Taiwan confirms 1st case of H7N9 outside of China

TAIPEI (Taiwan News) – A Taiwanese businessman who fell ill three days after returning from Suzhou in China was confirmed Wednesday afternoon as the country’s first case of the potentially fatal H7N9 flu virus, the Central Epidemic Command Center said.
The 53-year-old man was in serious condition, but he was receiving treatment at an unidentified quarantine center, officials said. He had come in contact with an estimated 139 people, all of who were being monitored, reports said. Three had been in close contact, 26 had been in contact more than seven days ago, and 110 were medical staff.
The businessman was a frequent traveler between Taiwan and China’s Jiangsu Province, reports said. He stayed in Suzhou from March 28 to April 9 before returning to Taiwan via Shanghai, according to the center.
The case was not only the first in Taiwan, but also the first to be officially confirmed outside of China. At least 22 people have died of H7N9 in the communist country, and more than 100 people have been infected.
As far as officials were aware, he had not been in contract with poultry or poultry farms and had not consumed egg products or uncooked poultry foods. The patient began feeling ill on April 12, showing flu symptoms such as fever, sweating and fatigue but no breathing problems. Because of persistent high fever, he turned to a local medical center for a consultation on April 16. The doctor there referred him to a hospital, where he was put in a single room and treated with relevant bird flu medicine.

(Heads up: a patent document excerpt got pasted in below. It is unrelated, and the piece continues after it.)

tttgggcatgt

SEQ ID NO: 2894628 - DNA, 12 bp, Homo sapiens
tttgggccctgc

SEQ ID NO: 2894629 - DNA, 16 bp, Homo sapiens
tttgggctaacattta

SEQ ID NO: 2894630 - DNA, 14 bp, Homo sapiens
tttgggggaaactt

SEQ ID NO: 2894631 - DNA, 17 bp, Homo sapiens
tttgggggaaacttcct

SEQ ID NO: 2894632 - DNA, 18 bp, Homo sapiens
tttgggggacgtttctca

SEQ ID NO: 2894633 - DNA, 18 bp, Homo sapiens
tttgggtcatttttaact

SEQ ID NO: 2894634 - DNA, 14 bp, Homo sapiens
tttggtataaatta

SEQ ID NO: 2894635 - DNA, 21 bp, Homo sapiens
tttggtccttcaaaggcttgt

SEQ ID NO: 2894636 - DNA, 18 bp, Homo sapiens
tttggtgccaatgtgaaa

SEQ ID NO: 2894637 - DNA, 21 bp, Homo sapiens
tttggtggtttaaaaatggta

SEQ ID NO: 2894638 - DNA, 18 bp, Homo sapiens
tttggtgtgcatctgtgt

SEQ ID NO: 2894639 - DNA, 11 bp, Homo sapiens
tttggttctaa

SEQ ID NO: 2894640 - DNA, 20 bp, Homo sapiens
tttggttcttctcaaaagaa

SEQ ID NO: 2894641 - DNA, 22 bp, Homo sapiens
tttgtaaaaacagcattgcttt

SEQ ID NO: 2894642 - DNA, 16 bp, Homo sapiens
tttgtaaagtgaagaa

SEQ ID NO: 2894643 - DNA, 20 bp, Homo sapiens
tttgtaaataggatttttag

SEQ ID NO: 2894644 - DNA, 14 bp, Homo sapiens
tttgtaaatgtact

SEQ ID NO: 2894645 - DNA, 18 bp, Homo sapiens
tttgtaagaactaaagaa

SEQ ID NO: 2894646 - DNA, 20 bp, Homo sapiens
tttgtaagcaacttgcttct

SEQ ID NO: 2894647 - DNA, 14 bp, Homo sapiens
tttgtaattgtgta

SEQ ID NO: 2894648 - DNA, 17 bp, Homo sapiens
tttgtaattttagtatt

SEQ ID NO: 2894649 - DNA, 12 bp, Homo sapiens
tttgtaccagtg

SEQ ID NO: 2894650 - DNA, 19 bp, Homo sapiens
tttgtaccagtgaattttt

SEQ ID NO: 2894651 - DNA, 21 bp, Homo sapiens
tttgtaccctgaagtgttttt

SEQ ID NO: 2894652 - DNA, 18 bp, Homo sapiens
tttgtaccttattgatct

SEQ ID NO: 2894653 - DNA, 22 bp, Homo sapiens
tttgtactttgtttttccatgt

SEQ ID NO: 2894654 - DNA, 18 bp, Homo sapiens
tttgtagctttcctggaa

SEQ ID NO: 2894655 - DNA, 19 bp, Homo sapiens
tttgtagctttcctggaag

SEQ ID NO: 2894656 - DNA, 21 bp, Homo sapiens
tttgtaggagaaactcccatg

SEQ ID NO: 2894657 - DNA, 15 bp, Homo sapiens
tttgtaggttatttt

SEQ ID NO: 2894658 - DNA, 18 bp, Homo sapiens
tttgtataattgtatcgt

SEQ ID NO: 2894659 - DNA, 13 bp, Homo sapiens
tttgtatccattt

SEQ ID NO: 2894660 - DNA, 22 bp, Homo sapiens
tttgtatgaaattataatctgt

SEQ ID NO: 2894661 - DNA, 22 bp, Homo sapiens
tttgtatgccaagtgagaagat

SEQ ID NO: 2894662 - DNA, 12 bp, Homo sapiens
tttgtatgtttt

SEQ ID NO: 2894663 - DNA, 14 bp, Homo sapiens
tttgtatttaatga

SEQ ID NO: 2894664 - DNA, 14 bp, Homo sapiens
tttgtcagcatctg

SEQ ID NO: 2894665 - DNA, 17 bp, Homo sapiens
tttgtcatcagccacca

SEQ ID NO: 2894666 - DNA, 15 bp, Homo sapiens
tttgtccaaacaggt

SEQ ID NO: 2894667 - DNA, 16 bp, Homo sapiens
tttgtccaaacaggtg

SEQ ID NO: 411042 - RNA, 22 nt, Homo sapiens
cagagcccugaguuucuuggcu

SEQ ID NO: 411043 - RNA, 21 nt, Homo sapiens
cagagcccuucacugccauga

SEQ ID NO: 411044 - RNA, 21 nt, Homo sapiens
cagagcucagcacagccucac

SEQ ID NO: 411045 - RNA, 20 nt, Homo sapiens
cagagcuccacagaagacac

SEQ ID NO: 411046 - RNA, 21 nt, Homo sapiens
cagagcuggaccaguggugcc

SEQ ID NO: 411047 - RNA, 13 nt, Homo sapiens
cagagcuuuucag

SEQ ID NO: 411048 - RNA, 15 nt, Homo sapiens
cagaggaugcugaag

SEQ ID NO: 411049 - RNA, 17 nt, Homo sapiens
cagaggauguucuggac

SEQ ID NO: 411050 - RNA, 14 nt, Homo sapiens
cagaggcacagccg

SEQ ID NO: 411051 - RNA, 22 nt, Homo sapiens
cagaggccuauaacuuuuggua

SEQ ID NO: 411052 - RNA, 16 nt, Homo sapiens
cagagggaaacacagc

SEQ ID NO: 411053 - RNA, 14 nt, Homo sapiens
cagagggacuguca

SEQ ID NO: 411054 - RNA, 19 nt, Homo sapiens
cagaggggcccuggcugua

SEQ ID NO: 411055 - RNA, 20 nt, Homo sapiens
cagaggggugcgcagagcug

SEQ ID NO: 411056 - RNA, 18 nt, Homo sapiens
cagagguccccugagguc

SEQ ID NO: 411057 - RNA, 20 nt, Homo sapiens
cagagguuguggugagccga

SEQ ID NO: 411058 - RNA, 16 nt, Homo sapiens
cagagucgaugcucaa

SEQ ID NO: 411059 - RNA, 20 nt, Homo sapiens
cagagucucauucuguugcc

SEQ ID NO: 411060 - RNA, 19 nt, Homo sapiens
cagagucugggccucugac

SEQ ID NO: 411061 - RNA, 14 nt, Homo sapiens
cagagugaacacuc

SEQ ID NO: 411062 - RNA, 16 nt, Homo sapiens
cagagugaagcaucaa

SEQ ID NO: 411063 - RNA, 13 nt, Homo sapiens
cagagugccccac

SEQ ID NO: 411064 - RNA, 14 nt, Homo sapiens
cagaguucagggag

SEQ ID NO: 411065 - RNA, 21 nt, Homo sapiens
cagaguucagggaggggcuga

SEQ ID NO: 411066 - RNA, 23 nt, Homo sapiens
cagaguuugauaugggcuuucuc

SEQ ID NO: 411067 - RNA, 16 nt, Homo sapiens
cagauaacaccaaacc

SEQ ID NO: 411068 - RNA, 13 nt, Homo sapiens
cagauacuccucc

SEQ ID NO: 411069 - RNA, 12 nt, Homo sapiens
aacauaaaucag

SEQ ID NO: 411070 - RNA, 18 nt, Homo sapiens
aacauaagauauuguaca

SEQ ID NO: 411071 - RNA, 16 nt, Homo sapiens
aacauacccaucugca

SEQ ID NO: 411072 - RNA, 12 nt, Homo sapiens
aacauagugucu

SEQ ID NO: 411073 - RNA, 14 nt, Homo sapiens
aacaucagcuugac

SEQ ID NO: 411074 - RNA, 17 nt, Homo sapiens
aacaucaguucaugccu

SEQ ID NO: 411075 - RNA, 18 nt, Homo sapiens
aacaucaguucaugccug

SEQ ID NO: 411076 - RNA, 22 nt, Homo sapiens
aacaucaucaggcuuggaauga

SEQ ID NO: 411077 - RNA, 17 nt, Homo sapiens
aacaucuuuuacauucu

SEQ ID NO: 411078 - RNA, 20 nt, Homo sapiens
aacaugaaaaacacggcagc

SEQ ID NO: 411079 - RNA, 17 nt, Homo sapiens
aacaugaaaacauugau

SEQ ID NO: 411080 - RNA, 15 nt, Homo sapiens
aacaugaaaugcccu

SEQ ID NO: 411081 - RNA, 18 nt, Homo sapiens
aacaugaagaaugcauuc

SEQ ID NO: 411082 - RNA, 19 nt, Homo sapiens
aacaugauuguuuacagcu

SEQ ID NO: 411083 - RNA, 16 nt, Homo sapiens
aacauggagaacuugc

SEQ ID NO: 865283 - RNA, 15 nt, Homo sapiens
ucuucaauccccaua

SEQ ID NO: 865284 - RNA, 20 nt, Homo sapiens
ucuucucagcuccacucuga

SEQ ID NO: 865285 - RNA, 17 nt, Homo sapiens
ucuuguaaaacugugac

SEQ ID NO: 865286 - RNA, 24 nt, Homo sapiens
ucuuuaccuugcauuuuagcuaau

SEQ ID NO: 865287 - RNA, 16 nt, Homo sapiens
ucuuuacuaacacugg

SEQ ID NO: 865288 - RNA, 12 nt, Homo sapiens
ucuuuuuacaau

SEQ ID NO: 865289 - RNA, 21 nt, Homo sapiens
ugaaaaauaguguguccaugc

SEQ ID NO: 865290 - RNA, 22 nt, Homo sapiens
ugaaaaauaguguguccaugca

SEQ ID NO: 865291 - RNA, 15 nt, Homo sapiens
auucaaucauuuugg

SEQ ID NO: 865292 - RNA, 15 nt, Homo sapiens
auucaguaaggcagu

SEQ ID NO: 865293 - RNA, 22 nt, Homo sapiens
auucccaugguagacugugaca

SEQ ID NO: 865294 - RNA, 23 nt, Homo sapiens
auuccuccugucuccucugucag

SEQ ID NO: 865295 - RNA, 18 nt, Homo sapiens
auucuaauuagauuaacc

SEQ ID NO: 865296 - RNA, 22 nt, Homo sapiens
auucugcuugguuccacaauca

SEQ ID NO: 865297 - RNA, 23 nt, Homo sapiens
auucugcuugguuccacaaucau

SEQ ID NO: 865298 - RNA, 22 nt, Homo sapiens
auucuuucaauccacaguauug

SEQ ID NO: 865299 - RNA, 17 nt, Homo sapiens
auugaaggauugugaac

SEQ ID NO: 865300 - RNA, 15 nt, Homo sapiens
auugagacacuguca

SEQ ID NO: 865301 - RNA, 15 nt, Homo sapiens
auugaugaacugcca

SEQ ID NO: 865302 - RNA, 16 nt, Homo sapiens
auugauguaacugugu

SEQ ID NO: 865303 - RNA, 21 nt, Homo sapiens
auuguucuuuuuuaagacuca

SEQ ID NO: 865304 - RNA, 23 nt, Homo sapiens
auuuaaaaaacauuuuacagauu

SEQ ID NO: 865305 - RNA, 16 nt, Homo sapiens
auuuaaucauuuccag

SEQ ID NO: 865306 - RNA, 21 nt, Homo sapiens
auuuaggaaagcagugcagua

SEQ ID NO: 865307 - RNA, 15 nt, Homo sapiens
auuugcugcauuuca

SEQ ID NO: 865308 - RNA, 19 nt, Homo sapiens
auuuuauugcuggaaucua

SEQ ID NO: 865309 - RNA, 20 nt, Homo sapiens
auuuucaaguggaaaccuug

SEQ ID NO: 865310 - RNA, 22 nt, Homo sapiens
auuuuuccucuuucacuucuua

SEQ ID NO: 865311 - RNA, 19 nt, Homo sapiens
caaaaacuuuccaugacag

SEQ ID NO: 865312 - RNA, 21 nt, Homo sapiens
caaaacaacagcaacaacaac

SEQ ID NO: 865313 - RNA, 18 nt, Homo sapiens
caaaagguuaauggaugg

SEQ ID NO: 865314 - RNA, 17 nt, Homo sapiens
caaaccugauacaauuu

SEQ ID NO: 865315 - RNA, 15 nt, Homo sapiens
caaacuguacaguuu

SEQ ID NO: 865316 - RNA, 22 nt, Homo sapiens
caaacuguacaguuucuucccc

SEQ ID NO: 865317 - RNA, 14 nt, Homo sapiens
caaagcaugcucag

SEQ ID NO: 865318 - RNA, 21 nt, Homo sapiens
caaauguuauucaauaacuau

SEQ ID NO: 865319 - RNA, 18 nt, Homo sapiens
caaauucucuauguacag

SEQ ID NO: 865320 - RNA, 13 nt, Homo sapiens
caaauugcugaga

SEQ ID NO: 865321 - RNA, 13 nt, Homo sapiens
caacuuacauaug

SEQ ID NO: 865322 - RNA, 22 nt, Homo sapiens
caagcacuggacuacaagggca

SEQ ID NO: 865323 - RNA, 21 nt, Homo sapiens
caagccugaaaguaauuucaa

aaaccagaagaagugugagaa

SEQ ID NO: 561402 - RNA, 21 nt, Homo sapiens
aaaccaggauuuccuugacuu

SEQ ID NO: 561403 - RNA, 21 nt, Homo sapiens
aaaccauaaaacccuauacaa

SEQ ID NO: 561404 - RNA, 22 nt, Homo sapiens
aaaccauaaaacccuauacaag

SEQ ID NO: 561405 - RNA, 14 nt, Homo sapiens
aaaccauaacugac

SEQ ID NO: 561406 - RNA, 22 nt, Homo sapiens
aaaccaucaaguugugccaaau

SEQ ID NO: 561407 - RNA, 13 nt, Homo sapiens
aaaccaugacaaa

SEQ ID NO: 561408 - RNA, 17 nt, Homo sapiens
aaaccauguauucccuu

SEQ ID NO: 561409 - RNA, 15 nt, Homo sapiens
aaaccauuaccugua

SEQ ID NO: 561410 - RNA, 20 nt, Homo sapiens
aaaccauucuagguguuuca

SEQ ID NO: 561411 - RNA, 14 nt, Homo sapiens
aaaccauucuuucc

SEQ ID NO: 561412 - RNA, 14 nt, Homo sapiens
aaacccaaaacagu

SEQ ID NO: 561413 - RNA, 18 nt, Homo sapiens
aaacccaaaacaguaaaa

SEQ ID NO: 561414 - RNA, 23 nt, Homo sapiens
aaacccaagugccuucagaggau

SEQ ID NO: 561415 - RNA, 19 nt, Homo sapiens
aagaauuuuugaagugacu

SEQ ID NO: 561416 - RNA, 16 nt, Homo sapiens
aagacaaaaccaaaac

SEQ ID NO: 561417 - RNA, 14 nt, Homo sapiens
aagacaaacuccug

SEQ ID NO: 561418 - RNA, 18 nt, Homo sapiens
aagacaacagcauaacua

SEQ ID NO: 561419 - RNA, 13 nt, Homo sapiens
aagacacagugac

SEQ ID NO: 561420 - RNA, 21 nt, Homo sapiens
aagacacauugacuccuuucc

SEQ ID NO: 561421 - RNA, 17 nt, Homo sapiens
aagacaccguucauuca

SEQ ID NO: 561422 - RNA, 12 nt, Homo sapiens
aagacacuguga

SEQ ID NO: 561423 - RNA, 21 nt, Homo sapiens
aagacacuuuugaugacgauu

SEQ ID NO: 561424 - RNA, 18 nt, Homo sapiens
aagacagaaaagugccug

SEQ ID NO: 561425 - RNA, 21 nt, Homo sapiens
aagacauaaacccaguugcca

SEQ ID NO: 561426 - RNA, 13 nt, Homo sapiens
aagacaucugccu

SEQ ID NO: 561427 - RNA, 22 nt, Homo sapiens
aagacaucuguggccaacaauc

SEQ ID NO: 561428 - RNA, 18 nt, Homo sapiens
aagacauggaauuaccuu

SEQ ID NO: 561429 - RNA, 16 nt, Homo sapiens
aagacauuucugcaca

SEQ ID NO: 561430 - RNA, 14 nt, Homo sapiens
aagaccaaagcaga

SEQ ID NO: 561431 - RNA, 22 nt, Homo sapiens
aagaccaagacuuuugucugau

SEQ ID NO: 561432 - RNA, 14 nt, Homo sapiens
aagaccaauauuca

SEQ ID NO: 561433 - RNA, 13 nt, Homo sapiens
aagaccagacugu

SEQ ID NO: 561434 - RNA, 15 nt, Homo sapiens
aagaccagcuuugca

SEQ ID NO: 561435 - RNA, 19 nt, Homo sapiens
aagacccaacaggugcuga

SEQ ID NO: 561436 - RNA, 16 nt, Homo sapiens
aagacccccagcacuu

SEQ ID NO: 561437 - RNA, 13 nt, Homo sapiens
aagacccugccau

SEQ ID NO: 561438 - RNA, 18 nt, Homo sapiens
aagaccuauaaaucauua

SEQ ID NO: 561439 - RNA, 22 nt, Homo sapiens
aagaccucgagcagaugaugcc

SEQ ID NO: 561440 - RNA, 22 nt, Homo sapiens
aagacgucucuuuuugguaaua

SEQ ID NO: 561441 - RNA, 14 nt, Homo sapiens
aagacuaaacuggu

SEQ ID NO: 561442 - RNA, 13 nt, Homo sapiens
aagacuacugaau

Because his situation continued to deteriorate, he was transferred to a hospital in Northern Taiwan on April 20, reports said. Tests confirmed the presence of the H7N9 virus on Wednesday, according to the Central Epidemic Command Center. The patient was reportedly also a Hepatitis B carrier and suffered from heart problems, reports said.
Department of Health Minister Chiu Wen-ta said recently received samples of the virus were still in the research and development stage, and no vaccine was ready. The eventual local production of H7N9 vaccine has been caught in controversies about whether samples from China or from the United States should be used as its basis, and which companies would be allowed to manufacture the vaccine.
Taiwan’s proximity to China and its close tourism and business contacts were believed to make the emergence of the virus on the island hard to avoid. Over the past month, a total of 128 suspected cases were investigated but ruled negative until Wednesday’s test results came in.
The health authorities informed President Ma Ying-jeou of the news, officials said.